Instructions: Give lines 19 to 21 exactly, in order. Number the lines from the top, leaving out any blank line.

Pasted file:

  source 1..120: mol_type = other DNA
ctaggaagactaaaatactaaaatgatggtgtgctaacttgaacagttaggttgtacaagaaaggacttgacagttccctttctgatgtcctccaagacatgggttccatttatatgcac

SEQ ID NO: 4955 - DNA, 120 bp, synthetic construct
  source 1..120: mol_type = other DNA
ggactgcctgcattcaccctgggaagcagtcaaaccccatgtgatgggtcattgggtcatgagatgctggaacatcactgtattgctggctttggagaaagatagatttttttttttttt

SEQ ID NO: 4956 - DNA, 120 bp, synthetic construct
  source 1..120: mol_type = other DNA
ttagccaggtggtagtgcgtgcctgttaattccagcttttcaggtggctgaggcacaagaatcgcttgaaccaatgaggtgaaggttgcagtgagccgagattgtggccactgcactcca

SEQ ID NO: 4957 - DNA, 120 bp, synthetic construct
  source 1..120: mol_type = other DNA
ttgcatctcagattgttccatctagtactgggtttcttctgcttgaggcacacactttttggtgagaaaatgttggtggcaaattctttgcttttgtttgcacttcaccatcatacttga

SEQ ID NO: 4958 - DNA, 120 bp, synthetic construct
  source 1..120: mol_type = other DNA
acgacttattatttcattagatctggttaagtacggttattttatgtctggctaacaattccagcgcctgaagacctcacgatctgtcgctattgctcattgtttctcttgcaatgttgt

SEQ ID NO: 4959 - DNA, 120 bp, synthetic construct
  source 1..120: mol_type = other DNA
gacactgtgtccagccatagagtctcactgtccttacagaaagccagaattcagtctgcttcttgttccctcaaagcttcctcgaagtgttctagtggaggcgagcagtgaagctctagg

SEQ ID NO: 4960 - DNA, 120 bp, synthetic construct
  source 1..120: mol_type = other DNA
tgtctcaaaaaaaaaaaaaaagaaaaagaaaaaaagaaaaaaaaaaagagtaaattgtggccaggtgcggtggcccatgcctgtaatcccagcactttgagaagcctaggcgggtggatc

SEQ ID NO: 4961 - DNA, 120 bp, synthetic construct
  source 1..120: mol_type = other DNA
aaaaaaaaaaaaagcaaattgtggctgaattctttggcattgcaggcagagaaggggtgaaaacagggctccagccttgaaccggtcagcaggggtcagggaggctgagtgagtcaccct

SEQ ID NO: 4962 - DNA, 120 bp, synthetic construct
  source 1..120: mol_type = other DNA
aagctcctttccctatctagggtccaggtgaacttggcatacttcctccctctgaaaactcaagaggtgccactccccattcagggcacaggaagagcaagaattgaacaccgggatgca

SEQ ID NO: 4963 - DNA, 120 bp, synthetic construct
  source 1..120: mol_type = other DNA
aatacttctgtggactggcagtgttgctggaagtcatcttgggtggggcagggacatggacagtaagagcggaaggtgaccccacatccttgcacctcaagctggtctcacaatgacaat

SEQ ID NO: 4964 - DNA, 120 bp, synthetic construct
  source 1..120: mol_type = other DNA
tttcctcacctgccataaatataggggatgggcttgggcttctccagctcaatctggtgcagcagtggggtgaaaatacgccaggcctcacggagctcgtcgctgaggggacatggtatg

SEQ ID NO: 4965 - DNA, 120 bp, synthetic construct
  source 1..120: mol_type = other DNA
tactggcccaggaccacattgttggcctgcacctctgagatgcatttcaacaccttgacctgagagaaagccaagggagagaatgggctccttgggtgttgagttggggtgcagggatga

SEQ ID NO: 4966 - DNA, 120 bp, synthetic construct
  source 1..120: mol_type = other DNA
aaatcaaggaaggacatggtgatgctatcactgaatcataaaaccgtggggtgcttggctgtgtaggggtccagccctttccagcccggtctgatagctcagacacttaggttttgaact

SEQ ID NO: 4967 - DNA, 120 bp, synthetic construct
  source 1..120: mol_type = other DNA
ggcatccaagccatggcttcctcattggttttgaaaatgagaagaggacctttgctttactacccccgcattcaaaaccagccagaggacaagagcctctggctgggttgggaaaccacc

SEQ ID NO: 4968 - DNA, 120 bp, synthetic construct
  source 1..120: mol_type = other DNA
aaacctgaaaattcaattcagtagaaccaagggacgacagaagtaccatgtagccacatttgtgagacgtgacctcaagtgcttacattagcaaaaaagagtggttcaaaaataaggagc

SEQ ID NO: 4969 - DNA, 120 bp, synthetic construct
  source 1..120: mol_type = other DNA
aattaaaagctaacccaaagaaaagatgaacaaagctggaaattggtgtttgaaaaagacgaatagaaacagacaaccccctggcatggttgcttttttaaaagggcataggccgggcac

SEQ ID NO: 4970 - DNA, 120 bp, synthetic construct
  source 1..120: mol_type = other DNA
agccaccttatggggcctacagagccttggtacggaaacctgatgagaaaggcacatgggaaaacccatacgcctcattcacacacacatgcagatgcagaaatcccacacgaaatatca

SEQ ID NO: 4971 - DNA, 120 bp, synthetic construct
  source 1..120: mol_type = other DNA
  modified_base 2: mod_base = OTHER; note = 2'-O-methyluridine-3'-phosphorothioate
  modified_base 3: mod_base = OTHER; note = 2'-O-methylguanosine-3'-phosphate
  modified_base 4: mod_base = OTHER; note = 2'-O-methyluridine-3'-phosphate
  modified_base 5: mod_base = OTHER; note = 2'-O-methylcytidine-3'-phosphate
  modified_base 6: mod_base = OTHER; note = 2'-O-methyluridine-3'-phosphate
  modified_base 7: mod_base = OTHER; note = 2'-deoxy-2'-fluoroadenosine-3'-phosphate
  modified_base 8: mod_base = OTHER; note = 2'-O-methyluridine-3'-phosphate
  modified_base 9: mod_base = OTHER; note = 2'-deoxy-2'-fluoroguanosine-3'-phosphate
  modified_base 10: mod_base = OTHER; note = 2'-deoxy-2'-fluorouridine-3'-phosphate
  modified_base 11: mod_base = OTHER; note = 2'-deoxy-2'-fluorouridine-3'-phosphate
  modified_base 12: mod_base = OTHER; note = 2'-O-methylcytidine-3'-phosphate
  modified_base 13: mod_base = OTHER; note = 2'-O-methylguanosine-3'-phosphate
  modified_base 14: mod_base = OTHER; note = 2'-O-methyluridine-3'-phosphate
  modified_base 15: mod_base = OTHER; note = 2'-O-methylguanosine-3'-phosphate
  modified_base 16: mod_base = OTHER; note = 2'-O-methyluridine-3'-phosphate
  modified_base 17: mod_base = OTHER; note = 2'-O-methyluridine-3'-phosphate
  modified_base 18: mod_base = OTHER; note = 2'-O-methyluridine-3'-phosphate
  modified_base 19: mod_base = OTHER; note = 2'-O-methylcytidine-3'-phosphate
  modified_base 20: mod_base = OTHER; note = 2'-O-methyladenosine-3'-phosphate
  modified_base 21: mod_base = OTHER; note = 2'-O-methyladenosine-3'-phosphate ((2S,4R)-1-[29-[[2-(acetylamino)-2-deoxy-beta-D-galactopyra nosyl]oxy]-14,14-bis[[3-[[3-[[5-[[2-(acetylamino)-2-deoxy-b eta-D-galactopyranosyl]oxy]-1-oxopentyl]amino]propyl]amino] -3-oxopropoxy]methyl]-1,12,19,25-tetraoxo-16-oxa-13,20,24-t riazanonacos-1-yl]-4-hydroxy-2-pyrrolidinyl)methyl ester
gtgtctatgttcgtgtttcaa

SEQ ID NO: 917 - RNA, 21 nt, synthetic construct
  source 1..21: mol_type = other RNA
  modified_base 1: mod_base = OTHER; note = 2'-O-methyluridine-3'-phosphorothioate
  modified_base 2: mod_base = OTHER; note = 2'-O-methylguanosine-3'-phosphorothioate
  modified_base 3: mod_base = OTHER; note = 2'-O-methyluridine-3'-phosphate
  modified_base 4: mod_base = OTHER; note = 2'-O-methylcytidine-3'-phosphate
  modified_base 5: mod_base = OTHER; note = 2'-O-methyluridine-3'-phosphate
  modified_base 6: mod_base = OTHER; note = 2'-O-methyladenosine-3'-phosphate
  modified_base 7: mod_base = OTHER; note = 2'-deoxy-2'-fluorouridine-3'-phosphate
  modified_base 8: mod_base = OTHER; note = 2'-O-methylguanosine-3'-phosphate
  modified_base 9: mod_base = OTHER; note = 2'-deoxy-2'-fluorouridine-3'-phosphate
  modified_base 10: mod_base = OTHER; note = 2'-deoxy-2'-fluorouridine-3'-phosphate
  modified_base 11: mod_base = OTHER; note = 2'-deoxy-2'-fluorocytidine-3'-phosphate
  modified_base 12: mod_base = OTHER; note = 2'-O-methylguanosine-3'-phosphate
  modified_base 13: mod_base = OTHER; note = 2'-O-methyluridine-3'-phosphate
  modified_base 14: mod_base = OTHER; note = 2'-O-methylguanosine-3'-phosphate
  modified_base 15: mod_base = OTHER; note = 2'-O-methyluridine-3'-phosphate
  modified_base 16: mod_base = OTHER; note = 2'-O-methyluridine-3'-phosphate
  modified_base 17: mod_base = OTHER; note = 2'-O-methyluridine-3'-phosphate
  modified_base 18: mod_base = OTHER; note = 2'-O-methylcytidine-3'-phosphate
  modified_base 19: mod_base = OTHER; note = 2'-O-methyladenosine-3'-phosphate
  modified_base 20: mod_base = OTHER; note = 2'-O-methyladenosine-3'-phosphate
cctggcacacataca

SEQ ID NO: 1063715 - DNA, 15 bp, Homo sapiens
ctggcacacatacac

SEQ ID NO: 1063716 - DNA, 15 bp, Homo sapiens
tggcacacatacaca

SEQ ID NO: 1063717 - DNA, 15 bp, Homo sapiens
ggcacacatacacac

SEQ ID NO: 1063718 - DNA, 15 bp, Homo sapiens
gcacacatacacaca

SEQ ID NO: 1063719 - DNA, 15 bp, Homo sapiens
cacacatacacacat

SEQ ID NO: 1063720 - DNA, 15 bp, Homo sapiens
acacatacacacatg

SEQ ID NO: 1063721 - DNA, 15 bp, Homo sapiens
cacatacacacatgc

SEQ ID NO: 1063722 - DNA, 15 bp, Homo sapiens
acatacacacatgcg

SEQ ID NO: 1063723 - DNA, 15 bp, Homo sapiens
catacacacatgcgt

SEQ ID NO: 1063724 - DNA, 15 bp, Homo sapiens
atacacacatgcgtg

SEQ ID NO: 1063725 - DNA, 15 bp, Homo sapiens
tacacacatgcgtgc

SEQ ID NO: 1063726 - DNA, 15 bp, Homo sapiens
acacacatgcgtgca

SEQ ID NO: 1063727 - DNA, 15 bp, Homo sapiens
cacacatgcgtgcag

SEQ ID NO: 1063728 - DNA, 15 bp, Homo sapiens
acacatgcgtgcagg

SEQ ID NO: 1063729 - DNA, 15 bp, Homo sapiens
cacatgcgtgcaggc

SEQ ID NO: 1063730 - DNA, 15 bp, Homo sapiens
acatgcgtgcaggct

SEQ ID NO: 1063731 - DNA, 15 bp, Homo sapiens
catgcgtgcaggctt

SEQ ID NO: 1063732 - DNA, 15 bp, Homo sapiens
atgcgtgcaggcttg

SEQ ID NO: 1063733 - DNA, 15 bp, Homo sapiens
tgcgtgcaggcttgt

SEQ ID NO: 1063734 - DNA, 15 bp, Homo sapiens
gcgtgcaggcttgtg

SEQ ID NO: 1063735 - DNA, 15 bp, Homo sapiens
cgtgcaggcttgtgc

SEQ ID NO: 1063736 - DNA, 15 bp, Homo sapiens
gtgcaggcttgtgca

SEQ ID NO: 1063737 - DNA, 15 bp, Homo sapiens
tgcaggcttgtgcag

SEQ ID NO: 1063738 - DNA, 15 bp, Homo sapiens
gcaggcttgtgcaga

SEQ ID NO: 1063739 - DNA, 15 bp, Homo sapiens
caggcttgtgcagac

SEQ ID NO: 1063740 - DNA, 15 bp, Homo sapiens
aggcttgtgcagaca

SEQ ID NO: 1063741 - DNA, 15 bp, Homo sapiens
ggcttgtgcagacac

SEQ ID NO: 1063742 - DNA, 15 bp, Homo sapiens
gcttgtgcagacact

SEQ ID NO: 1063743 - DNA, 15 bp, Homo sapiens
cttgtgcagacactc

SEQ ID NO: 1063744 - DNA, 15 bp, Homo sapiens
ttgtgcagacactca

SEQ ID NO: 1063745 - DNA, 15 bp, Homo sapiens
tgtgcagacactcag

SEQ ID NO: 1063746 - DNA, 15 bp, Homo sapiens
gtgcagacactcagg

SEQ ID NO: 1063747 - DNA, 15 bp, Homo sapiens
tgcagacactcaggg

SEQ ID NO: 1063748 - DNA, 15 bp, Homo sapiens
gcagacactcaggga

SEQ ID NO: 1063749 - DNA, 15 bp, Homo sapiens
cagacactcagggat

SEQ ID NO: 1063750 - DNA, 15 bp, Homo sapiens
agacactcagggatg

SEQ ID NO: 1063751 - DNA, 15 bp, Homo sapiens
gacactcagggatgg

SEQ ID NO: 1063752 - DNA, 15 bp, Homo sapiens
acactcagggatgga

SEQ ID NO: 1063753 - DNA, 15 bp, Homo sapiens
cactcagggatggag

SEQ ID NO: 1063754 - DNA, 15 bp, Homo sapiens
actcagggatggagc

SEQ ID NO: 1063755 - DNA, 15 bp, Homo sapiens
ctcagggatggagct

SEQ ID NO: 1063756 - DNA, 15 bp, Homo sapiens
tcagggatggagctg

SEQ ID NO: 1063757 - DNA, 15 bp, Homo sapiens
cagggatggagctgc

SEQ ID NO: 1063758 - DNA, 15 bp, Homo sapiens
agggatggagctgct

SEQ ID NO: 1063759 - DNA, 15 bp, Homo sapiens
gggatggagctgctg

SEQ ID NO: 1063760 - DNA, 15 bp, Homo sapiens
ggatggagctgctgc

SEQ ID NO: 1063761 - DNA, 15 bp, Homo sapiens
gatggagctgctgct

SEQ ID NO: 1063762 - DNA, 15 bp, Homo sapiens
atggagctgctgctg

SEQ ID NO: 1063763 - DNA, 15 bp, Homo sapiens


  source 1..120: mol_type = other DNA
tgtctcaaaaaaaaaaaaaaagaaaaagaaaaaaagaaaaaaaaaaagagtaaattgtggccaggtgcggtggcccatgcctgtaatcccagcactttgagaagcctaggcgggtggatc

SEQ ID NO: 4961 - DNA, 120 bp, synthetic construct